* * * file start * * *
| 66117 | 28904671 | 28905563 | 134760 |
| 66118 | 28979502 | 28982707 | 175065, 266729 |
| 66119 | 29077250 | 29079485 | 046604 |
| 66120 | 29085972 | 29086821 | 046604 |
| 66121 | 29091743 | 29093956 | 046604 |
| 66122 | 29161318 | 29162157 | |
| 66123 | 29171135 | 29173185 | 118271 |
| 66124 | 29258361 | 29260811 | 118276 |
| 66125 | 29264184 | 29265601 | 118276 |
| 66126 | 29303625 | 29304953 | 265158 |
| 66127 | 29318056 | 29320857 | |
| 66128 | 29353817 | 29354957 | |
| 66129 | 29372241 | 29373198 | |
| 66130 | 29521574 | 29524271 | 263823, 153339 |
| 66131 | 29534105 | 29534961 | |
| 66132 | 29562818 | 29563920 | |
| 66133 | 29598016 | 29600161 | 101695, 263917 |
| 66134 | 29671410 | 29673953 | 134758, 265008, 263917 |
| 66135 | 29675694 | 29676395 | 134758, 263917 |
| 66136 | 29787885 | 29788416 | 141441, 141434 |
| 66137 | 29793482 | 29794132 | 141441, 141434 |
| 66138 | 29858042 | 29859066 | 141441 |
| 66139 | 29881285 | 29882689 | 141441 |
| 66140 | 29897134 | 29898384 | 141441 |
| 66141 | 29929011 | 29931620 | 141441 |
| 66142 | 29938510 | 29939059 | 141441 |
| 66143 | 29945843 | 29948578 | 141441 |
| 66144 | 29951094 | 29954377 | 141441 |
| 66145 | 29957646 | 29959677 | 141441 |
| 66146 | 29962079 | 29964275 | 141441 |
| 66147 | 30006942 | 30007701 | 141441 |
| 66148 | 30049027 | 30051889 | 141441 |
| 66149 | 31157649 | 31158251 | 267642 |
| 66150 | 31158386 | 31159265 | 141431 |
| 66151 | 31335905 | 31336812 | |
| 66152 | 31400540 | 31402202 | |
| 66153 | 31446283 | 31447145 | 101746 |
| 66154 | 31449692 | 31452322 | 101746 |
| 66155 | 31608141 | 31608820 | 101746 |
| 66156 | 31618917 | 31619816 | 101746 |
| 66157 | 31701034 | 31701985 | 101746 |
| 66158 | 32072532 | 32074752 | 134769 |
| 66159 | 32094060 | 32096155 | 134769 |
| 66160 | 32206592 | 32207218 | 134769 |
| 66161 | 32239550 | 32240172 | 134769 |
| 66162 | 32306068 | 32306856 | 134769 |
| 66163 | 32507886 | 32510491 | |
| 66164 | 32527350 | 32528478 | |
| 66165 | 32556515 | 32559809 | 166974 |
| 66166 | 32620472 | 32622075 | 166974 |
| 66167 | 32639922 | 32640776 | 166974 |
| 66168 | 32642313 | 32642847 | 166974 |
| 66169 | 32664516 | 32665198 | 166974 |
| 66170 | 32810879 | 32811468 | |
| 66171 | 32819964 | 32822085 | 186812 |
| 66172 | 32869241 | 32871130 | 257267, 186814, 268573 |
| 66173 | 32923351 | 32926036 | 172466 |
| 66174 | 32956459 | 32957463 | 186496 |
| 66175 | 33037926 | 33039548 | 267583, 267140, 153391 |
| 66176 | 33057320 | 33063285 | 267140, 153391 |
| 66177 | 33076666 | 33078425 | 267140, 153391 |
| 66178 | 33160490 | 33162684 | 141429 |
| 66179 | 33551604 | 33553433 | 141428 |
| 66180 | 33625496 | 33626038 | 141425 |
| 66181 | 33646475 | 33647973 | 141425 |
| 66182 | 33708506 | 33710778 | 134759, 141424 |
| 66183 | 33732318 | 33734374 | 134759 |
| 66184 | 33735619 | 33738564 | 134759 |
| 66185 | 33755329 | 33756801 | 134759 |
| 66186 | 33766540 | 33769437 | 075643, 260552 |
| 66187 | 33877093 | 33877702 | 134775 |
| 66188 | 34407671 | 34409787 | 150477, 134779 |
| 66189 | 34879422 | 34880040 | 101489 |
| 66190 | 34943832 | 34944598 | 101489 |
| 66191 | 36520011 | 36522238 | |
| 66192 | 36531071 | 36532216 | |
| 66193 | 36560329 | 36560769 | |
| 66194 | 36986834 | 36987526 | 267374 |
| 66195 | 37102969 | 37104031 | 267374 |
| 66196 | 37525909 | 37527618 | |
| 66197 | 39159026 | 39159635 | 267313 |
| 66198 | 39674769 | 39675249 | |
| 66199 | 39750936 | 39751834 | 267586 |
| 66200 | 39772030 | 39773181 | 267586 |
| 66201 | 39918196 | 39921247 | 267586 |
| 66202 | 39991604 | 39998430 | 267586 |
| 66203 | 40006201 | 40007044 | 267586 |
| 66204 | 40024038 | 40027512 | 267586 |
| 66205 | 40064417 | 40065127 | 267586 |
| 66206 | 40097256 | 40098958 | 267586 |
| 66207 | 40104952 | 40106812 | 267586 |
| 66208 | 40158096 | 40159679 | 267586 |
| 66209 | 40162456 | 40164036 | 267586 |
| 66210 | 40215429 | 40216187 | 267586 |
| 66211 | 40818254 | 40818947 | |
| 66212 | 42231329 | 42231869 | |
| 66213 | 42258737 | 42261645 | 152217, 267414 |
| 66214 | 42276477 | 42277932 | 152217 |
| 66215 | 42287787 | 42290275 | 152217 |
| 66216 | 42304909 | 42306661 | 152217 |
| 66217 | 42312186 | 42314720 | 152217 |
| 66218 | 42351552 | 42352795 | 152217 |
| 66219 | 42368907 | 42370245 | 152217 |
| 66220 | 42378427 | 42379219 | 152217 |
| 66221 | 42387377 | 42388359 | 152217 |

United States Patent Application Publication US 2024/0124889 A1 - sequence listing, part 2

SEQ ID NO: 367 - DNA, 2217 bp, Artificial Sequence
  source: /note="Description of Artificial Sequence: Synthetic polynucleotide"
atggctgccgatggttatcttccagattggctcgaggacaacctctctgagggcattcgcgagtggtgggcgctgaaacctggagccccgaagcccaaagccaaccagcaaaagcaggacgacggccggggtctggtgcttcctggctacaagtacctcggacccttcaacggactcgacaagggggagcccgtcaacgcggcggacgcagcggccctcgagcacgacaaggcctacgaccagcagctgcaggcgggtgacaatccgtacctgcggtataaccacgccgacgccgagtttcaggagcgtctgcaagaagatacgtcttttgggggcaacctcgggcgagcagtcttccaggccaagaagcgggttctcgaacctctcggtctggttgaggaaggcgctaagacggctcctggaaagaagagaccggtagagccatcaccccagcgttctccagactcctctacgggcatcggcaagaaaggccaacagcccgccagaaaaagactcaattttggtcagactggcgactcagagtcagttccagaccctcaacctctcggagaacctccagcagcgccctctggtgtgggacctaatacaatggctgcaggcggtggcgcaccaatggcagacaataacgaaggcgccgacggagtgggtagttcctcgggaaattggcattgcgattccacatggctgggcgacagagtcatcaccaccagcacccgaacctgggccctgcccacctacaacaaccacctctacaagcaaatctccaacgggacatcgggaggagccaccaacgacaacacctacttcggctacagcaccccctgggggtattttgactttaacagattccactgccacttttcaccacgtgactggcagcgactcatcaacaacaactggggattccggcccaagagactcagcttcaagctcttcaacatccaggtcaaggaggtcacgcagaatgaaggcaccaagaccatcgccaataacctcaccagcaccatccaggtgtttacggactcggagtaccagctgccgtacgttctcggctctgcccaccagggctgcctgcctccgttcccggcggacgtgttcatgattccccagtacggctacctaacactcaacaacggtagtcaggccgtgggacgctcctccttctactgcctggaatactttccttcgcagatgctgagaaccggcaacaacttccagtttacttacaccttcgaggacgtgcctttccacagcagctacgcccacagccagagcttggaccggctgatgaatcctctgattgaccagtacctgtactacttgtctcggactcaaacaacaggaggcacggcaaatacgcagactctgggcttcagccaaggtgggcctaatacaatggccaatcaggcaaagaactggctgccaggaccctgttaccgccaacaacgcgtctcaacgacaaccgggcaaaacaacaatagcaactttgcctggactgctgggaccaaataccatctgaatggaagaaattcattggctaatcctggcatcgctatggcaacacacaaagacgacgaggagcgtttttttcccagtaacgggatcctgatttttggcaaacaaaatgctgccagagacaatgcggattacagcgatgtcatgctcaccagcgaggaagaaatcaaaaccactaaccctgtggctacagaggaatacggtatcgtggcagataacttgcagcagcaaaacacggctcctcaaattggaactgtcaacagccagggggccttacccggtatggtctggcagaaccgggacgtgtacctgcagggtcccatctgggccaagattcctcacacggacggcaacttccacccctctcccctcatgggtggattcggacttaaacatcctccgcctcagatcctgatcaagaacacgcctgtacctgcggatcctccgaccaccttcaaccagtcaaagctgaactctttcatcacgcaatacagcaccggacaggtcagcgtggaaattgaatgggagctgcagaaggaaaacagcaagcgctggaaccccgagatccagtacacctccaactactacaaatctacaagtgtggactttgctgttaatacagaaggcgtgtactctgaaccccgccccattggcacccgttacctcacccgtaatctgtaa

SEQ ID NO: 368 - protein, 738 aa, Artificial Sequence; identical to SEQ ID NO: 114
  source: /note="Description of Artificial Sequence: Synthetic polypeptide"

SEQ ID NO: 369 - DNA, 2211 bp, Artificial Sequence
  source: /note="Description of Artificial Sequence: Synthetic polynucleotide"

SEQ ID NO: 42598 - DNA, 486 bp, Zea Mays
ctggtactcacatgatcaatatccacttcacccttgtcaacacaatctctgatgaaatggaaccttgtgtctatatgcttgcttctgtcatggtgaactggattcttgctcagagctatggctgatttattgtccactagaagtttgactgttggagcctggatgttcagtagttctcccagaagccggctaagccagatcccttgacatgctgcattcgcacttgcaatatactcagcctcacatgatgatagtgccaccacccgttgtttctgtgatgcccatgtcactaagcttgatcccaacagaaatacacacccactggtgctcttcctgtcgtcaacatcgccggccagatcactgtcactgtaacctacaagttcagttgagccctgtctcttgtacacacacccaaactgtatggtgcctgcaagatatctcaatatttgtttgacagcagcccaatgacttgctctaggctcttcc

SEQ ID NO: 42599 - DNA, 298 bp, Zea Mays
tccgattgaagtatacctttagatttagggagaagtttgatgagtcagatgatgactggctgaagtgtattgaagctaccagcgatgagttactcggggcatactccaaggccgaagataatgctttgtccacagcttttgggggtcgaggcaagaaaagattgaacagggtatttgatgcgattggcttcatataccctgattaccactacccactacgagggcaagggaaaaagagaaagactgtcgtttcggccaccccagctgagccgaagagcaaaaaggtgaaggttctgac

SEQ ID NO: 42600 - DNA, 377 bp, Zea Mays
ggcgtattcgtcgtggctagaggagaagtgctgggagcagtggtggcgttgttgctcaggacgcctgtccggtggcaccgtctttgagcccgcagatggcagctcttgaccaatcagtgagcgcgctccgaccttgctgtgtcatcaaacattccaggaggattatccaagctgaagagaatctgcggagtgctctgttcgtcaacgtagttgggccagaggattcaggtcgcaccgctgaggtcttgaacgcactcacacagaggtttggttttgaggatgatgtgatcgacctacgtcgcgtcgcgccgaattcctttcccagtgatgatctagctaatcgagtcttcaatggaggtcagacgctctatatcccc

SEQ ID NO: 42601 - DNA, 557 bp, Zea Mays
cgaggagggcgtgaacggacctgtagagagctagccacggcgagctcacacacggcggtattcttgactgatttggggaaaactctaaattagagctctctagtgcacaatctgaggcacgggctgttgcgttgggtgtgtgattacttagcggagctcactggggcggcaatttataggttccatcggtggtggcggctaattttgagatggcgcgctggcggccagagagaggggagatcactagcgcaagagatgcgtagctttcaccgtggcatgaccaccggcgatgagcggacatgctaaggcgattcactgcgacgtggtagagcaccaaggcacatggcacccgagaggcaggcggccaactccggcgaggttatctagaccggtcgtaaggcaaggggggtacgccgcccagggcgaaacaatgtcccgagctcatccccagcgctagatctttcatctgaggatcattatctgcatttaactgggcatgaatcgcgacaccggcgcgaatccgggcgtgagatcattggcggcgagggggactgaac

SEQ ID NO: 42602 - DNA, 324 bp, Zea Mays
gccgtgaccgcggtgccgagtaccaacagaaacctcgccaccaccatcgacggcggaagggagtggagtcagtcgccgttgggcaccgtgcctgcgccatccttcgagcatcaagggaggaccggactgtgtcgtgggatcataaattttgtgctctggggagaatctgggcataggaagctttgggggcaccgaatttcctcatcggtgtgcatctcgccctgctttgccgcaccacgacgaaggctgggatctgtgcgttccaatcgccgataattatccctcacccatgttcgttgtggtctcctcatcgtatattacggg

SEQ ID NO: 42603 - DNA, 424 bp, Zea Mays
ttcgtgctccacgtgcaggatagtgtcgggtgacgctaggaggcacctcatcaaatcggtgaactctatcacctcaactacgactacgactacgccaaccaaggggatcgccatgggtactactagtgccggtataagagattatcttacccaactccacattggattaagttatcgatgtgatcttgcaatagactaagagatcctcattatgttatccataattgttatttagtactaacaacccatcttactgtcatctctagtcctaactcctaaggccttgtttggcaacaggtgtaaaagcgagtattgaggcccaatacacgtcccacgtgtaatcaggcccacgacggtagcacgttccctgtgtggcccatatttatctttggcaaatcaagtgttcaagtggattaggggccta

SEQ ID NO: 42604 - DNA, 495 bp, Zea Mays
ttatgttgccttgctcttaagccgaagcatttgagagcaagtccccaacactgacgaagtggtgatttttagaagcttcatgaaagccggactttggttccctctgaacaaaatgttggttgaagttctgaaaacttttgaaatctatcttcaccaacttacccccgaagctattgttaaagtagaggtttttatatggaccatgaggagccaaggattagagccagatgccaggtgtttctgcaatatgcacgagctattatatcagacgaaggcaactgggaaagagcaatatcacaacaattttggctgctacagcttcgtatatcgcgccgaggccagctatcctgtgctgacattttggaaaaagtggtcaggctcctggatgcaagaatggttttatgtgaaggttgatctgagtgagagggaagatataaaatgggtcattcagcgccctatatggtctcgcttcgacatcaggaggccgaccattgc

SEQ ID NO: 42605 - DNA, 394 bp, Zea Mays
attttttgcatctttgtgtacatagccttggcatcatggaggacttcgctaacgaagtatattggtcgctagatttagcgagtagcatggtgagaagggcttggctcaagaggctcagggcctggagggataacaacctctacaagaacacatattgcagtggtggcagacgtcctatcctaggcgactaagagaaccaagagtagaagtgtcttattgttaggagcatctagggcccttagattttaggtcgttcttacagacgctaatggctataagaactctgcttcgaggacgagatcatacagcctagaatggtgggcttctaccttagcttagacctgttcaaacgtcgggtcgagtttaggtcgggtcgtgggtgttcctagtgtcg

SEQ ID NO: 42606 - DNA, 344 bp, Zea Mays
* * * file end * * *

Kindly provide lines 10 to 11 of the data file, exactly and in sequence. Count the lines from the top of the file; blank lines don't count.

| 66126 | 29303625 | 29304953 | 265158 |
| 66127 | 29318056 | 29320857 | |